At p. 304, “We travelled … over a succession of plains separated by belts of forest, consisting of Bloodwood, Box, Apple Gum, and Rusty Gum.” This was near the Lynd River.

At p. 355, “Some of the ridges were openly timbered with a rather stunted White Gum tree, and were well grassed, but the grass was wiry and stiff. At the end of our stage, about 16 miles distant from our last camp, we crossed some Rusty Gum forest …”

At p. 356, “In a patch of Rusty Gum forest we found Acacia equisetifolia and the dwarf Grevillea of the Upper Lynd in blossom. The thyrsi of scarlet flowers of the latter were particularly beautiful.” Here they were a little south of the Albert River of Captain Lort Stokes.


1. With E. latifolia F.v.M.

Possibly a variety or state of some species allied to E. latifolia without the peltate leaves. The specimens are very imperfect. (B.Fl. iii, 254.)

In many of its characteristics, especially the form of its fruits, E. peltata approaches to E. latifolia, but the latter is smooth-barked, its leaves are partly almost opposite and always attenuated, with an acute base into their stalk, the lateral veins less prominent, the reticulation of the veinlets also less visible, while the marginal vein is almost confluent with the edge of the leaves, the stalklets of the flowers are of conspicuous length, the lid is single and separates by a less regularly marked dehiscence, and the brownish roughness of the branchlets and foliage is absent, in which latter respects an approach of E. peltata to E. ferruginea, E. aspera, E. setosa, and E. clavigera is established. (“Eucalyptographia” under E. peltata.)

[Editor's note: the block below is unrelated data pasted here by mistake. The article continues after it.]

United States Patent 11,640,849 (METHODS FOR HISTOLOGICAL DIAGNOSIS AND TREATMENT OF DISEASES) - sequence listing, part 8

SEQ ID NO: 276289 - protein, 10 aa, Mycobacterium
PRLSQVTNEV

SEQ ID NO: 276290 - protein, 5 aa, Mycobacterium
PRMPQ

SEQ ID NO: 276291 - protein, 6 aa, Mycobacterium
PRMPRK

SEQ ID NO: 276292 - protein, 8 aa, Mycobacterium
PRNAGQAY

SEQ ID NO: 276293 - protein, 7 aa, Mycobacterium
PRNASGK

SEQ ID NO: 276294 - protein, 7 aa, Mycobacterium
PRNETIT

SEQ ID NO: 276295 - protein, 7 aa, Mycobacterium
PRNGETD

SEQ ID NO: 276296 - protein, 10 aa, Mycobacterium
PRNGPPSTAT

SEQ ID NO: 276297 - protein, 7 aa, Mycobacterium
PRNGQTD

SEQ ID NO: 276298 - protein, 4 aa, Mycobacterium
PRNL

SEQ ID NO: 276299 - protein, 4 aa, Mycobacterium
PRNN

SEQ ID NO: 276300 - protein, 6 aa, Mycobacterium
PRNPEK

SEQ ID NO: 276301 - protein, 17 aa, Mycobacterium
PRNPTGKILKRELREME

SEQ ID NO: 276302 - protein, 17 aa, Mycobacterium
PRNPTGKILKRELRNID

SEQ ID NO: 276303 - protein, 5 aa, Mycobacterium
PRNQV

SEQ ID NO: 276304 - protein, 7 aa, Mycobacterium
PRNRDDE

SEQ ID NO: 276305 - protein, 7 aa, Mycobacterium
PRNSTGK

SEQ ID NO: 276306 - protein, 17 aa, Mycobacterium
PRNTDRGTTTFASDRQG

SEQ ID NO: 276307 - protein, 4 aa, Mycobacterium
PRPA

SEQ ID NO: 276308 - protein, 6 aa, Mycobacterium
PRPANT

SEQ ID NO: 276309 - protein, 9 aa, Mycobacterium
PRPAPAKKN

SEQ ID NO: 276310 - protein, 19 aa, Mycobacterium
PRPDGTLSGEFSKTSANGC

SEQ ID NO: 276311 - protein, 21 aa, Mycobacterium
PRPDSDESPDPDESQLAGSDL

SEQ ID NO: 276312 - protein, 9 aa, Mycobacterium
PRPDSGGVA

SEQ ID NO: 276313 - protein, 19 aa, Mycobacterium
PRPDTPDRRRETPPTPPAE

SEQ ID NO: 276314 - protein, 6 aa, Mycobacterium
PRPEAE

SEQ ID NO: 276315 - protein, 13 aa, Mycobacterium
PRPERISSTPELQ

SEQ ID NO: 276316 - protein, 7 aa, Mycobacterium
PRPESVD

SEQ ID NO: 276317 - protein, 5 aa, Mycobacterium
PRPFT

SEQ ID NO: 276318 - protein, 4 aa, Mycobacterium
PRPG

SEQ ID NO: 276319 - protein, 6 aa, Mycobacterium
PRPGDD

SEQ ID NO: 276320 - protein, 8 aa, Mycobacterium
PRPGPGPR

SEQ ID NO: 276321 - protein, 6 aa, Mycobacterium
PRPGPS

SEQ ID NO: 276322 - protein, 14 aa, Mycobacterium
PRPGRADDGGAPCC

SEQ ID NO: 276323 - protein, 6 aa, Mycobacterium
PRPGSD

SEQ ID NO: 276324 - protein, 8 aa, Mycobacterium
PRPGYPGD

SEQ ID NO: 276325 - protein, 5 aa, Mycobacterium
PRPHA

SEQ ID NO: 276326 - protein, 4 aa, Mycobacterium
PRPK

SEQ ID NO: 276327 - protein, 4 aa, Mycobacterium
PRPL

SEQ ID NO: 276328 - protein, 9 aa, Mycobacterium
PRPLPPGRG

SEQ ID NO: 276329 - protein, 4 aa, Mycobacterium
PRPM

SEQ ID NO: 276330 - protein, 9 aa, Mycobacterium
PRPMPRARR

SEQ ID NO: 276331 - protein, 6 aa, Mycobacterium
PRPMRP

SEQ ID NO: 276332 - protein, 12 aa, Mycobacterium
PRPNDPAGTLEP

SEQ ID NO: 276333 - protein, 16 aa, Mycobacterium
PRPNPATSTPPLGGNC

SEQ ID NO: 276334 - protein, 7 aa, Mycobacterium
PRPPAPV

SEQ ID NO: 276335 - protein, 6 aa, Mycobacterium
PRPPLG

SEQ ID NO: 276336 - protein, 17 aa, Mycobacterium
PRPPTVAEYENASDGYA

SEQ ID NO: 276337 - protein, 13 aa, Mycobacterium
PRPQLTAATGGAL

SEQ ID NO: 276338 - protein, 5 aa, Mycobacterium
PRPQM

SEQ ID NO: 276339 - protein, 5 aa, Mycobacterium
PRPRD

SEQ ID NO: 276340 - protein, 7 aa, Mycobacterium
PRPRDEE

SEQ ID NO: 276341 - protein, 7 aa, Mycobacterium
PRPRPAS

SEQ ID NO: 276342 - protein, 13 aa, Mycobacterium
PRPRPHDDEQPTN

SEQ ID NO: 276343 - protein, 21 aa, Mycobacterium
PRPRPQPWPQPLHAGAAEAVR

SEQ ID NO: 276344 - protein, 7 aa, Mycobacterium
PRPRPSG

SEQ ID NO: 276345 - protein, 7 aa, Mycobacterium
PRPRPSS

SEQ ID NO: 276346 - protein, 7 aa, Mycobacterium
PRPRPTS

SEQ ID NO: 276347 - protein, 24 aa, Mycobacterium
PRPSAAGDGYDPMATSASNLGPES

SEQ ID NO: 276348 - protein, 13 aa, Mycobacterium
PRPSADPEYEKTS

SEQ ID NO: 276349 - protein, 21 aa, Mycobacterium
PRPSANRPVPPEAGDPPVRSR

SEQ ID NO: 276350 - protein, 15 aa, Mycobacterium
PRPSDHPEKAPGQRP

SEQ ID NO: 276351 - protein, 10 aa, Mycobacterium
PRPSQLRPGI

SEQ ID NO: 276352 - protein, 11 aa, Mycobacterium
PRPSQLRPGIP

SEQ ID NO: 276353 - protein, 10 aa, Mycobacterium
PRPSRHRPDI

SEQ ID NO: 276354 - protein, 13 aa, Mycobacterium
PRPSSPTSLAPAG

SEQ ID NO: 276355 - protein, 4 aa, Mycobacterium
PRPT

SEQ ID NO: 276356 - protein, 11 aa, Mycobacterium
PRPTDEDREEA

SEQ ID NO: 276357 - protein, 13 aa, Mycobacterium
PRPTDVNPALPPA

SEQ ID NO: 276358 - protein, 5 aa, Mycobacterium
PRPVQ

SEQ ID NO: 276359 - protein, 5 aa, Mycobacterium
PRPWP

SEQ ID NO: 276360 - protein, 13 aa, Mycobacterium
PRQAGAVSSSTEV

The mistake that E. peltata has peltate leaves in the full-grown state also misled L. Diels, who, in his “Jugendformen und Blutenreife,” says that, except in these (assumed) adult leaves, “otherwise it shows in many characters, especially in the very important shape of the fruit, great approach to E. latifolia. It is more than probable that the two species are closely connected; indeed, also in their geographical distribution they belong to the same region, i.e., North-eastern Australia. Unfortunately the ontogeny of E. latifolia is not perfectly known. I could nowhere find a description of the juvenile leaves.”

For E. latifolia, see Plate 168, Part XLI, where it will be seen that the two species are not closely allied. The juvenile leaves of E. latifolia are larger, glabrous, and not peltate. The mature leaves are broad. The inflorescence is very different. The flowers are more numerous and, like the fruits, have comparatively long pedicels. The fruits are, for the most part, larger, and have thicker walls; while after the falling of the outer strips of bark the inner bark is yellowish. The bark is not yellowish as a whole, and the timber is red. E. peltata is a Queensland species, while E. latifolia belongs to the Northern Territory.

  ― 39 ―

2 and 3. With E. miniata A. Cunn., and E. phœnicea F.v.M.

E. peltata is, however, well marked, as noticed by myself in 1856 on the sources of the south-eastern rivers of Carpentaria, by the remarkable texture and structure of the bark, in which respect it bears resemblance only to E. phœnicea and E. miniata, constituting with them the section of Lepidophloiæ in the cortical system. (“Eucalyptographia,” under E. peltata.)

For E. miniata and E. phœnicea see Plate 96, Part XXII, with the juvenile leaves of the former described at p. 37. The juvenile leaves of E. miniata are not petiolate; those of E. phœnicea are not known. The buds and fruits are very different from those of E. peltata, those of E. miniata being very large and ribbed, the ribbing being less marked in E. phœnicea. There are other differences that comparison of the figures will readily disclose. The filaments of E. miniata and E. phœnicea are orange to scarlet, while the barks are more lamellar and friable.